Surviving Railroad Depots of Nevada, presented by Jean-Guy Tanner Dubé

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March 14 @ 6:00 pm - 7:30 pm


Doors open at 6:00pm. Presentation at 6:30pm. Admission is $8 and free for museum members and ages under 18.

Nevada’s railroad history is long, rich, and varied. Nevada’s rail history dates to 1868 when the Central Pacific Railroad reached the state building east from Sacramento, California. In the century and a half since, the Battle Born state has been served by a handful of railroads, the largest including the Southern Pacific, Union Pacific, Western Pacific and many narrow gauge railroads. One aspect of their legacy is the railroad depots and facilities built to serve local communities. A century ago, there were hundreds of depots dotting the state, today, a mere 28 passenger depots survive in Nevada! Some are threatened, some are preserved. From Amtrak stops to museums; homes to a brewery; businesses to tourist railroads. Ride the rails as we journey to each and see how they looked in their prime days of rail service and learn their current use and status today.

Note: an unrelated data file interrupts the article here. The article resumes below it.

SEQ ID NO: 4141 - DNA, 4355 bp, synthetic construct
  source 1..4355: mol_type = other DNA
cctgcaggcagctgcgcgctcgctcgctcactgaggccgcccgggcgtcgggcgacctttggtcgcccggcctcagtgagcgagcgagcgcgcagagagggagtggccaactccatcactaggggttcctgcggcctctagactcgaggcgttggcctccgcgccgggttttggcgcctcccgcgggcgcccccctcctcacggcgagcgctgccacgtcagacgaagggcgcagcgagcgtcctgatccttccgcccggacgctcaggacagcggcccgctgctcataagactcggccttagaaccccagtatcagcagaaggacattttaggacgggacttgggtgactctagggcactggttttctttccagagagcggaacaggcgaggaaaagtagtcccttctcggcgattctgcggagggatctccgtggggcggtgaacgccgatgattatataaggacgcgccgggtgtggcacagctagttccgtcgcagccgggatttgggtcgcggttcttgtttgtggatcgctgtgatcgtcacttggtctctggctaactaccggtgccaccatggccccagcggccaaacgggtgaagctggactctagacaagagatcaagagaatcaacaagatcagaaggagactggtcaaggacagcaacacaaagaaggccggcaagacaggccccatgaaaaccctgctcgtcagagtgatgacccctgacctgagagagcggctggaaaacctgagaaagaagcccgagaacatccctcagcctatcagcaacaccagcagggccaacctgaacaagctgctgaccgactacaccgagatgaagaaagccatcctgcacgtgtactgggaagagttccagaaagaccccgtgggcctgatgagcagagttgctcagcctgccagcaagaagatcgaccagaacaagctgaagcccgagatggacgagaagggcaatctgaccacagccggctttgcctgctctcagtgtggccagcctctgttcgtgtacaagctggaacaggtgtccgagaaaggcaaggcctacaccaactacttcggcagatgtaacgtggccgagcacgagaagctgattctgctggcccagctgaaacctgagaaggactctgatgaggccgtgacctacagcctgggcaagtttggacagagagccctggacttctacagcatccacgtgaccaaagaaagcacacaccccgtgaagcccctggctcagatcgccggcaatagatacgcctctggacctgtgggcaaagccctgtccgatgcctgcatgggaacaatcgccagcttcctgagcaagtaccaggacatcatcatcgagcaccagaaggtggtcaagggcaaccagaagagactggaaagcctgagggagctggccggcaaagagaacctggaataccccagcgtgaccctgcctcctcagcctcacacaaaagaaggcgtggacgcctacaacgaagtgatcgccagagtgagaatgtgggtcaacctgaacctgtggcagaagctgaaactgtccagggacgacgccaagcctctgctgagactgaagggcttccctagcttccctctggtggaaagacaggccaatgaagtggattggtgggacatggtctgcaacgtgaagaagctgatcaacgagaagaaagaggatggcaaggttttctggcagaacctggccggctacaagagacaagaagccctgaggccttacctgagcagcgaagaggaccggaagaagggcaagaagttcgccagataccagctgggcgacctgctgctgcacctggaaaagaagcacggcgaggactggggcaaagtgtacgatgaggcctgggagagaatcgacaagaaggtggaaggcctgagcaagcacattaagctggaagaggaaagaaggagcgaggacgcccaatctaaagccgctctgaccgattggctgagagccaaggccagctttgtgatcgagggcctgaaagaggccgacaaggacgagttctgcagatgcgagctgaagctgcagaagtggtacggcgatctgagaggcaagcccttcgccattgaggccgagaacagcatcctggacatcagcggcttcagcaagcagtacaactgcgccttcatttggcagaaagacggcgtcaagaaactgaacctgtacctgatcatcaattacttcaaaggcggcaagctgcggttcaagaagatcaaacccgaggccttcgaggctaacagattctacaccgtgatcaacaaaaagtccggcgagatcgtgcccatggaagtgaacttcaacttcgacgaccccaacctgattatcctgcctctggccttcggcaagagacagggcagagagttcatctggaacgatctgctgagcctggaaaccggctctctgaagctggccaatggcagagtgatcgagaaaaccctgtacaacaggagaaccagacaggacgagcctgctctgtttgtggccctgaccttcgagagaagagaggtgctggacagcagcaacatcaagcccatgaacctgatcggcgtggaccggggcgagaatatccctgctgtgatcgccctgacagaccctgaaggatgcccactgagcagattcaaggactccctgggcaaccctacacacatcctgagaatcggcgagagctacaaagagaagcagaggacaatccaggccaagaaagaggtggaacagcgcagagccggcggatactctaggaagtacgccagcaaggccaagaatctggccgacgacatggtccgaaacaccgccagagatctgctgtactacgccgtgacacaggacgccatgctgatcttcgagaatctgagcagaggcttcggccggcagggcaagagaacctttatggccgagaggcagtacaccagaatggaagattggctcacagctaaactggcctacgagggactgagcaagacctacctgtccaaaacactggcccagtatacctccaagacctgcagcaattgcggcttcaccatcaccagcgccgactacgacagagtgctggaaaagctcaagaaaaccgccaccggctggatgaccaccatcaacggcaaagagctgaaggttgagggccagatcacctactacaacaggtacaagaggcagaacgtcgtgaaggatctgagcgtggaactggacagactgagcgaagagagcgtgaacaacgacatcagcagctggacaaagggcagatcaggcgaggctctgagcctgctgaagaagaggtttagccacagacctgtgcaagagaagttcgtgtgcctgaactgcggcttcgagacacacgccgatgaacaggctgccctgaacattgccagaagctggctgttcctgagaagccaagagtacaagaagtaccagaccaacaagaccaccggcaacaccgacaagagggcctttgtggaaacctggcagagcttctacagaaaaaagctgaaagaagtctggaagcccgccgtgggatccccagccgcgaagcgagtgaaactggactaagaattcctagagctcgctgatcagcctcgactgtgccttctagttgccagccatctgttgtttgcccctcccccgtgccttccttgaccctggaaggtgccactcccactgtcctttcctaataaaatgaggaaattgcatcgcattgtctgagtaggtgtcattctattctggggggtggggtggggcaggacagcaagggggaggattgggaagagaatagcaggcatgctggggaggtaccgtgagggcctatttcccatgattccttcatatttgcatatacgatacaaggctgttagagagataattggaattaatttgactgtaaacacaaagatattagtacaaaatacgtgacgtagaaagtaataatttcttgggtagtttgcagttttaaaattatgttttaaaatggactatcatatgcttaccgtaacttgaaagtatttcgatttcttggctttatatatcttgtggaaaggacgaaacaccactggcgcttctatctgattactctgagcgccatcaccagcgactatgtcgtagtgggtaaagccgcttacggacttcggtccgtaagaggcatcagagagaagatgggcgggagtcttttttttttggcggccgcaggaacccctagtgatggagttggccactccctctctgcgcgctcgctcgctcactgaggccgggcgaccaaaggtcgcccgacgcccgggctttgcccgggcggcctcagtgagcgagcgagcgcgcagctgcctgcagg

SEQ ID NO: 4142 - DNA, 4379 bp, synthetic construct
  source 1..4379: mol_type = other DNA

Awarded the national Leicester B. Holland Prize for 2017 by the National Park Service and Library of Congress, author, architectural draftsman and historian Jean-Guy Dubé has studied Southern Pacific depots since 1983. He is the author of “Railroad Depots: A Southern Pacific Collection”. Mr. Dube lives with his family in Gardnerville, was 15 years with the architectural firm of Appleton Partners, LLP, and now works for the State of Nevada. He is a member of the Friends of the Nevada State Railroad Museum, Southern Pacific Historic and Technical Society and multiple museums and depot preservation efforts. Following the lecture, he will be glad to answer your depot related questions.

More information about Dube’s book and blueprints can be found on his Etsy store.


Adam Michalski
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